Where can I find traffick-free goods?
The best place to start is Google, along with our Ethical Shopping Guide. While each industry has it's own certification standards, terms such as Fair Trade Certified, Global Organic Textile Standard, and a general transparency in the production and distribution of goods are positive indicators. Ethical goods don't exploit labor, animals, or the environment at any point in the supply chain. We have too many favorites to list all of them here, but if you'd like a few great vendors to get you started, check out great companies we follow on Instagram, Facebook, and Twitter. Here's a great article written by one of our volunteers about her realization that her shopping choices were contributing to trafficking, and how she went about changing those habits. It's a great place to start on your journey to living consciously.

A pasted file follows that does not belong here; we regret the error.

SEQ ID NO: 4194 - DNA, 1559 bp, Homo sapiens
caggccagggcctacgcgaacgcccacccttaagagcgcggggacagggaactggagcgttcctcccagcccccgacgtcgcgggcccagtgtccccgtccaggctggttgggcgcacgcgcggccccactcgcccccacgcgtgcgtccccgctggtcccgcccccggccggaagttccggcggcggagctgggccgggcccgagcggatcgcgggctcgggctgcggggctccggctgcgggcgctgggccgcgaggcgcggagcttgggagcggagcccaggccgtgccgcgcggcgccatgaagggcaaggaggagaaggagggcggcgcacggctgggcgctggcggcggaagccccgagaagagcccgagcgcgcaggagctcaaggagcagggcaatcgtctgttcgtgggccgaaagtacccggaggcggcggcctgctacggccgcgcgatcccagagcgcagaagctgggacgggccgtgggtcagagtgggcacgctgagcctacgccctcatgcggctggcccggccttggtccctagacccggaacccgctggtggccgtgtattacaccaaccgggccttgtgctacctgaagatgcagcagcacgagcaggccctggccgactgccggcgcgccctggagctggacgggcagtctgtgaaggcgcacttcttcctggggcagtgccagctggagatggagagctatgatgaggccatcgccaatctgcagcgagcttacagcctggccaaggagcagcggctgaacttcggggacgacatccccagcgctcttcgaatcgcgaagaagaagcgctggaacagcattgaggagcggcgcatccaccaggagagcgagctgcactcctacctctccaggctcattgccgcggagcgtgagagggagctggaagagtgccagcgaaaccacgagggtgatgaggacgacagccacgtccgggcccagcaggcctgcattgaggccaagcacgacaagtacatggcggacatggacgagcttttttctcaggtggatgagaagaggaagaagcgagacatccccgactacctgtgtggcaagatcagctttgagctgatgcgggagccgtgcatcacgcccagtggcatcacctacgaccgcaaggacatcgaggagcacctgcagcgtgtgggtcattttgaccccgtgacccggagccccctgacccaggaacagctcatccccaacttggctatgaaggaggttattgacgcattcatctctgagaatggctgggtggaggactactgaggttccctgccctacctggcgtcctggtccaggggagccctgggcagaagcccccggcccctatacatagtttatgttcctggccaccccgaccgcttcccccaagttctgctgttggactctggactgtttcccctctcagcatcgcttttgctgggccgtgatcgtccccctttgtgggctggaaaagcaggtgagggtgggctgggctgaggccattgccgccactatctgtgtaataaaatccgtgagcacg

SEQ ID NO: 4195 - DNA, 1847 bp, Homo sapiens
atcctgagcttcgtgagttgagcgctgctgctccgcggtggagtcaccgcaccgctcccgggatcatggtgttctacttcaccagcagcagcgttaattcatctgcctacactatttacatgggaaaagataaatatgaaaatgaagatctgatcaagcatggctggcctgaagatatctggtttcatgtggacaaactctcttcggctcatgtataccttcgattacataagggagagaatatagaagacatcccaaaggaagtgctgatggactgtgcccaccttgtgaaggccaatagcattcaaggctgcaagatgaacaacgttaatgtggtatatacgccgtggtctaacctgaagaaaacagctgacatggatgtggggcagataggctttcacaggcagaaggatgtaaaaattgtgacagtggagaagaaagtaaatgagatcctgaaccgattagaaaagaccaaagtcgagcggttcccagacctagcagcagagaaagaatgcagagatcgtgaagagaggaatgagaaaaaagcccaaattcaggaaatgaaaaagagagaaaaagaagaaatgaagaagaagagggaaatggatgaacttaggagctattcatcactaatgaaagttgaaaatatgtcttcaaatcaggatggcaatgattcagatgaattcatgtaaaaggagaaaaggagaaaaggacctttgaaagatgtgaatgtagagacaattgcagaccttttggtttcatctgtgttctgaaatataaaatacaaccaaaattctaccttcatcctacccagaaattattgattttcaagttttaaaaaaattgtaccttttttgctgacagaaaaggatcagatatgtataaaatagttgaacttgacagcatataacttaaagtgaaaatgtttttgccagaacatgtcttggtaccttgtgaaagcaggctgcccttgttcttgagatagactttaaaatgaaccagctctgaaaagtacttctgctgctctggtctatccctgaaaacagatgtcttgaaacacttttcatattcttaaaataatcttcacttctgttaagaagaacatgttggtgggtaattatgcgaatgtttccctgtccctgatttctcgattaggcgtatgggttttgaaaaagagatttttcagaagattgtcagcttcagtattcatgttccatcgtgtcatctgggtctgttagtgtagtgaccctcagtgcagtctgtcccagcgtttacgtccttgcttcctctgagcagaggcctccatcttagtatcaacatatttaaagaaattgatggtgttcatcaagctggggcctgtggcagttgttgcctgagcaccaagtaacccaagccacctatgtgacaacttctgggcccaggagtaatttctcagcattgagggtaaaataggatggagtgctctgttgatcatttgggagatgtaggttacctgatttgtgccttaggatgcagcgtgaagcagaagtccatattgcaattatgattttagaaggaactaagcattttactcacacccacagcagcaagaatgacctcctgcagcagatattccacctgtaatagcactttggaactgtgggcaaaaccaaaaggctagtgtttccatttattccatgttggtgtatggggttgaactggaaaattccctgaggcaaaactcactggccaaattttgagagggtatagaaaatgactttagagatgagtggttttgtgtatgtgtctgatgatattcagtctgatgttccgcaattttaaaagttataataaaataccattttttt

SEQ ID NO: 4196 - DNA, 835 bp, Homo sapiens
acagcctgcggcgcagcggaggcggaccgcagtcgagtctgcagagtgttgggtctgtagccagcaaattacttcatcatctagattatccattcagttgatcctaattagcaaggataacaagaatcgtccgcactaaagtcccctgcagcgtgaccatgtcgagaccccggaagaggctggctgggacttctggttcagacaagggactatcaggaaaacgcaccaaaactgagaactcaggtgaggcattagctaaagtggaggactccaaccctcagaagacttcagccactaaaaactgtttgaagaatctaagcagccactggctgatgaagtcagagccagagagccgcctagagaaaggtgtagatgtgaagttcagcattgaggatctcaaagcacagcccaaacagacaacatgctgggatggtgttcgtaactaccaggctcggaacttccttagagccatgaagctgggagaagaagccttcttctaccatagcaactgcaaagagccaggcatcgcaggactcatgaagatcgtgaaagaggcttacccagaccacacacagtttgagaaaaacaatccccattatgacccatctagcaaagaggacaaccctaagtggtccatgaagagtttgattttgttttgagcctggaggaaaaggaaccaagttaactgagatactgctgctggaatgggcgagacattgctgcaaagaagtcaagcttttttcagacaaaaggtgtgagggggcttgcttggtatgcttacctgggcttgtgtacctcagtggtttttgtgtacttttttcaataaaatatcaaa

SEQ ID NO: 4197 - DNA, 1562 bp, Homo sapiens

Free2Work: Learn how trafficking is linked to common consumer goods
Fair Trade USA: Learn about what fair trade is, plus connect with certified vendors
Good Guide: A comprehensive list of health and wellness products, rated according to environmental and social indicators
International Labor Organization: Forced labour, human trafficking, and slavery
Moral Fibres: How to shop consciously for fashion
Ten Thousand Villages: Ethically sourced home goods and accessories from fairly paid vendors around the globe
The Thread by People Tree: Defining "fair trade fashion" "sustainable fashion" and "ethical fashion"
SERVV: Fair trade, handmade apparel, home and kitchen goods
War on Want: Sweatshops in Bangledash